I’ll guess d, but one who is either a former Christian or who had some religious education.
While I am not taking a shot at the answer I’d like to point out that the same bull is parroted in the Koran-basically plagiarized from the bible. And since the infallibility of the Koran is the pillar of the Islamic faith, Muslims overwhelmingly believe to this day that Noah existed and the flood did happen.
I would have to say d. sounds like someone who is secular but still being nice towards religious doctrines.
Hmm…I guess the question is, why would Jerry ask us this question. If it is indeed from a creationist, then there would be a bit of shock value as the author seems to be quite aware that the flood doesn’t square with “naturalistic science”. But it would make sense as a screed against the strategy of accommodating the religion to other social factors.
In a way, the creationist angle is the only one (besides “none of the above”) that stands out from the rest of the pack. It’s difficult to see how the views of the non-theological religious scholar and the sociologist would be much different. This particular excerpt doesn’t seem to contain a scientific argument, so I’m not sure why it would be of much consequence if it came from an atheist scientist. On the other hand, a liberal, non-literalist theologian may be arguing against using any of the Bible as an accurate historical account.
However, as the focus of the article seems to be the hypocrisy of tossing Noah but accepting Abraham, I’m going to put my (virtual) money on creationist.
Okay, I’m starting to have a change of heart now. I reckon it could be a ID advocate now. Damn this is a toughie!!
Does ‘Bling’ count as Google? Not that I’d waste time using it.
I’d say a sociologist because of “The response one gives to this question will indicate important core religious ideas.” (though theologians may say such things too)
I would also expect people who study religion not to make a statement like this:
“The Catholic and Orthodox Churches venerate Noah as a saint with the other patriarchs.” I don’t know about the Orthodox churches, but the catlick church has never treated Noah as a saint in my lifetime, so that’s why I’d say it can’t be a theologian.
Yeah, that’s a telltale technical slip. Noah is venerated/celebrated as a “patriarch” in the Orthodox church, but not as a “saint” exactly. So the commentator is probably not a religious scholar or a theologian.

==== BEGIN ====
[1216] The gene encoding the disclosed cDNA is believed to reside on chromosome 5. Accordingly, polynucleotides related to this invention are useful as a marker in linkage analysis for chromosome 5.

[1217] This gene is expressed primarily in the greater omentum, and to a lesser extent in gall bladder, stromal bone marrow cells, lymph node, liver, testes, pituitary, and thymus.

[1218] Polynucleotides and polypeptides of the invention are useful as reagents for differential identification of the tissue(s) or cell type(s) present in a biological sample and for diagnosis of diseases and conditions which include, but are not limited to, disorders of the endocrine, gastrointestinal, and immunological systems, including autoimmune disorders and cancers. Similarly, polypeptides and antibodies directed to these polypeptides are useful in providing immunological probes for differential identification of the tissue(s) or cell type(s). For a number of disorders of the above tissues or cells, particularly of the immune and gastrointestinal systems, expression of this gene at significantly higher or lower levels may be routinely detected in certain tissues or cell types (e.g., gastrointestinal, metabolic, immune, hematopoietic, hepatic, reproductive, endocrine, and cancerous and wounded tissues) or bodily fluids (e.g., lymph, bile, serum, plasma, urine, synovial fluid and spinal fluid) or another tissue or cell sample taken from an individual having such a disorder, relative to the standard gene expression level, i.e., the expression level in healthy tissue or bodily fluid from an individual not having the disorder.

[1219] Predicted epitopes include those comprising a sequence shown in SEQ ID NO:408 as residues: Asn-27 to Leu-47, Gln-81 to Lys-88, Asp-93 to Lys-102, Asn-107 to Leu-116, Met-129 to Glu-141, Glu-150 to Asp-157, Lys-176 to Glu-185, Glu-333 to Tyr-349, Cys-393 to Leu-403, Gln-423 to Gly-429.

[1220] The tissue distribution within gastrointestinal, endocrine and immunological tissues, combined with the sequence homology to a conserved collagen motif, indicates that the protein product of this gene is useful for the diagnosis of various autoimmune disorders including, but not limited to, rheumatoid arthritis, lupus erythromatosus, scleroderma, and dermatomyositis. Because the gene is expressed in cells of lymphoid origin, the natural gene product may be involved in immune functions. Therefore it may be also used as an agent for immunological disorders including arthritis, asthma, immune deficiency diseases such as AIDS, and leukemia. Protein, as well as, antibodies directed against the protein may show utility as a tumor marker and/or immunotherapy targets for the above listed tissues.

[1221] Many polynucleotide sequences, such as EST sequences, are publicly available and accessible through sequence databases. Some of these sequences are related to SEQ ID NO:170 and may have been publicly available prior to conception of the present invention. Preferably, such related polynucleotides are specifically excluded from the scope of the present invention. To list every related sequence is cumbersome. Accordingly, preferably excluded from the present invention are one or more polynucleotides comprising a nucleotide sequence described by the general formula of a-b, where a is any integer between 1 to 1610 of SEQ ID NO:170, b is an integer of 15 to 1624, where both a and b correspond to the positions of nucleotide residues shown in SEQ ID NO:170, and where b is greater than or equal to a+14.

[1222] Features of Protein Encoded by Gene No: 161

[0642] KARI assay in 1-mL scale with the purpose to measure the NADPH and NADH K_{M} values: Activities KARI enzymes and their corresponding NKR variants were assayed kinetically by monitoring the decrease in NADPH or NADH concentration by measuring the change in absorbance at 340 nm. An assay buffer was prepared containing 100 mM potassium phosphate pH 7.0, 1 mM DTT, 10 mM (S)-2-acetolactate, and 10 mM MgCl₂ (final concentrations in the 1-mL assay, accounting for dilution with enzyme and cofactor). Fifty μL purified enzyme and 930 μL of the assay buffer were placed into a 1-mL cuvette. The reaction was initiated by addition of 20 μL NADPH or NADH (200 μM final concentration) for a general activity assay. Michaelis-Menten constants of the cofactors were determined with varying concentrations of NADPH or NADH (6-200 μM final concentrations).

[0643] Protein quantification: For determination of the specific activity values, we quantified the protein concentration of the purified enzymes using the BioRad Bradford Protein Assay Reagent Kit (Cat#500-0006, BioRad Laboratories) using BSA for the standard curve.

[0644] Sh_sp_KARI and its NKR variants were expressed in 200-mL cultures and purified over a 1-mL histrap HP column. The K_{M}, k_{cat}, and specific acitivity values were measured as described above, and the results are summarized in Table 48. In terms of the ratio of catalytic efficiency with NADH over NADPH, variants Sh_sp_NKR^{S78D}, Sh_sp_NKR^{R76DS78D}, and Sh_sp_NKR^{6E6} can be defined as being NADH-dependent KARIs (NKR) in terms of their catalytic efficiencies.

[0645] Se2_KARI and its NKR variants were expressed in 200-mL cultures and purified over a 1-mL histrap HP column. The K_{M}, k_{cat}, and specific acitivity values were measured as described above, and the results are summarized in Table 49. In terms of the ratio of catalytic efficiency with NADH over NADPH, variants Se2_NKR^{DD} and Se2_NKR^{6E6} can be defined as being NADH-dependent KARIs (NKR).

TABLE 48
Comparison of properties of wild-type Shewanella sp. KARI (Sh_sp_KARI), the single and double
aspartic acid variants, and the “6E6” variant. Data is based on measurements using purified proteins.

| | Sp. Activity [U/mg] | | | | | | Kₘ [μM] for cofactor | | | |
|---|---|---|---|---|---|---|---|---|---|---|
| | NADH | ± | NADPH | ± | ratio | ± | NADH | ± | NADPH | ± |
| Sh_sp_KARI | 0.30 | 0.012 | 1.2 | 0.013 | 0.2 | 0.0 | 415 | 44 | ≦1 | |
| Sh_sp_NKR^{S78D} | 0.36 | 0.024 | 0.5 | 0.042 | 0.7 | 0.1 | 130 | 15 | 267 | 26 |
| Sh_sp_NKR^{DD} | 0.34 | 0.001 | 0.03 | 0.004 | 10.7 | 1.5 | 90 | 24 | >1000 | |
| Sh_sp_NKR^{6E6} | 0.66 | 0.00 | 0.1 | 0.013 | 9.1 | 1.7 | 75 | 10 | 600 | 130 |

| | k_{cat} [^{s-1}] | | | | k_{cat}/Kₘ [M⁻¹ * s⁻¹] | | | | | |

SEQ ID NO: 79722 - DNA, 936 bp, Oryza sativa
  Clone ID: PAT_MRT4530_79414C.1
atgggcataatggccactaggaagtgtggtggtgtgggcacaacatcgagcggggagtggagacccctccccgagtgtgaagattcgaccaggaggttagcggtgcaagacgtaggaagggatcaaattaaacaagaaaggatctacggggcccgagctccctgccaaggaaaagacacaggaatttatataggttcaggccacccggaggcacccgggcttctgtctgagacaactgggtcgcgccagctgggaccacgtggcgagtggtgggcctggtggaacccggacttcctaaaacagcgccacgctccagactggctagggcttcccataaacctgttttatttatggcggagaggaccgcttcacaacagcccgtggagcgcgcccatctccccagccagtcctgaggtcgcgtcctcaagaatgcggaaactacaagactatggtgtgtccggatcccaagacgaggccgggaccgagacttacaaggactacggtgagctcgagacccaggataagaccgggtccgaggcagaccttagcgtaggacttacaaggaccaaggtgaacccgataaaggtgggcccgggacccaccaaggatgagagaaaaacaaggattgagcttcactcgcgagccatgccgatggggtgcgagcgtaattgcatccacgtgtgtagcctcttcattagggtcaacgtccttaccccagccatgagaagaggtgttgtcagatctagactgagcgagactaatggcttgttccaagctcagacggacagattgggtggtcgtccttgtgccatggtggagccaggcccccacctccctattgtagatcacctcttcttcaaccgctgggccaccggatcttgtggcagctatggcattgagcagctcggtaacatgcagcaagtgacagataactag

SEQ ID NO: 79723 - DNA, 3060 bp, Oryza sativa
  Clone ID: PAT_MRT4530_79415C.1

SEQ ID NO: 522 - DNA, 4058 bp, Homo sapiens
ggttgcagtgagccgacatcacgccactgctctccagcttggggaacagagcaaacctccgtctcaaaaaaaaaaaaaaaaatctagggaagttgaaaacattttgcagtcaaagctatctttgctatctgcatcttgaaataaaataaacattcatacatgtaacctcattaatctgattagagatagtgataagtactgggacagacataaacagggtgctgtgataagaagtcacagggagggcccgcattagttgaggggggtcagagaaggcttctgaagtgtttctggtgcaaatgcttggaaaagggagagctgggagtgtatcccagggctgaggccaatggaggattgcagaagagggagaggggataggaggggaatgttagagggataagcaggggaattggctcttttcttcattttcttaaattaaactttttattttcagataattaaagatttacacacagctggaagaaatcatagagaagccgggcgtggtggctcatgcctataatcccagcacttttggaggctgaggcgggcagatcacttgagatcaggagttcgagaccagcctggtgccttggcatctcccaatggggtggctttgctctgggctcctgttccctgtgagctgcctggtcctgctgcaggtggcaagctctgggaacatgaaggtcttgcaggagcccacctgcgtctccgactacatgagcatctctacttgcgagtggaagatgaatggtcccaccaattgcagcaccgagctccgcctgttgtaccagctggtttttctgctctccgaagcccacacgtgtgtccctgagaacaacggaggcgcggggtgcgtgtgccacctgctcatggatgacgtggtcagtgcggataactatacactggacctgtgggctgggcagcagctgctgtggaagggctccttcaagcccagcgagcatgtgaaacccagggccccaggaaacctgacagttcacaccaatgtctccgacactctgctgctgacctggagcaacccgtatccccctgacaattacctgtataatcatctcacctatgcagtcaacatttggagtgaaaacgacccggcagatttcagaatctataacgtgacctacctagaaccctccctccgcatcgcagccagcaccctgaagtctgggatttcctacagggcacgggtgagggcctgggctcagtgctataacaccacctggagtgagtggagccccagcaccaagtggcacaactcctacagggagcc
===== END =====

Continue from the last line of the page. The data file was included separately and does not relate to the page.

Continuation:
Anyway, it’s an interesting puzzle.
… probably not a religious scholar or a theologian.
…and a goy to boot, so what can we expect?
I’m going to agree with MadScientist and go with a sociologist. I will even stick my neck out and name one: Rodney Stark.
“Every Christian from the founding of the church until the advent of modern science believed Noah was a real person.”
This quote betrays him(her): a creationist. It makes an unverifiable claim of the old times, when christianity was allegedly united.
“To a secular person, Noah’s disappearance looks very convenient.”
This denotes the cannard “secular people doesn’t believe in the bible because they don’t want to boey rules”, and the next paragraphs follows an attack against the weak no-literal christians. That reinforce the creationist author.
I’m putting my guess down as b before I read any of the comments.
I’m going to guess c. a creationist just because of the use of the phrase “naturalistic science”. Anyone else on that list would know that that phrase is redundant.
Tried to proceed by elemination.
d is out. Because for a scientist “Modern naturalistic science” is a pleonasm.
c is out. 4 paragraphs with no bibbel quotes
b is out. too much focus on history.
So I am left with a and e, luckily they are not mutually exclusive.
Funnily you can replace Noah with Adam (and flood with man’s creation…) and the essay still makes sense
My pick: a (a particularly shallow a)
If true, this is the first time I’ve ever heard of St. Noah.
All the options are possible, which makes the challenge interesting… except for the last option which is possible but not interesting.
“naturalistic scientist” is a bit redundant which increases the chances it wasn’t written by an actual scientist. However, Postmodernism has invaded sociology so we can’t rule it out.
I’ll make an assumption and say the atheist scientist is in the “hard” sciences.
“Later in this essay we will suggest an answer to these questions.” at least has the guise of academic scholarship.
“The Bible seems to teach…” isn’t a caveat fit for a creationist.
sociologist and non-theological religious scholar are not mutually exclusive.
Considering the above I’m narrowing it down to a,b, or e, leaning toward liberal, non-literalist theologian.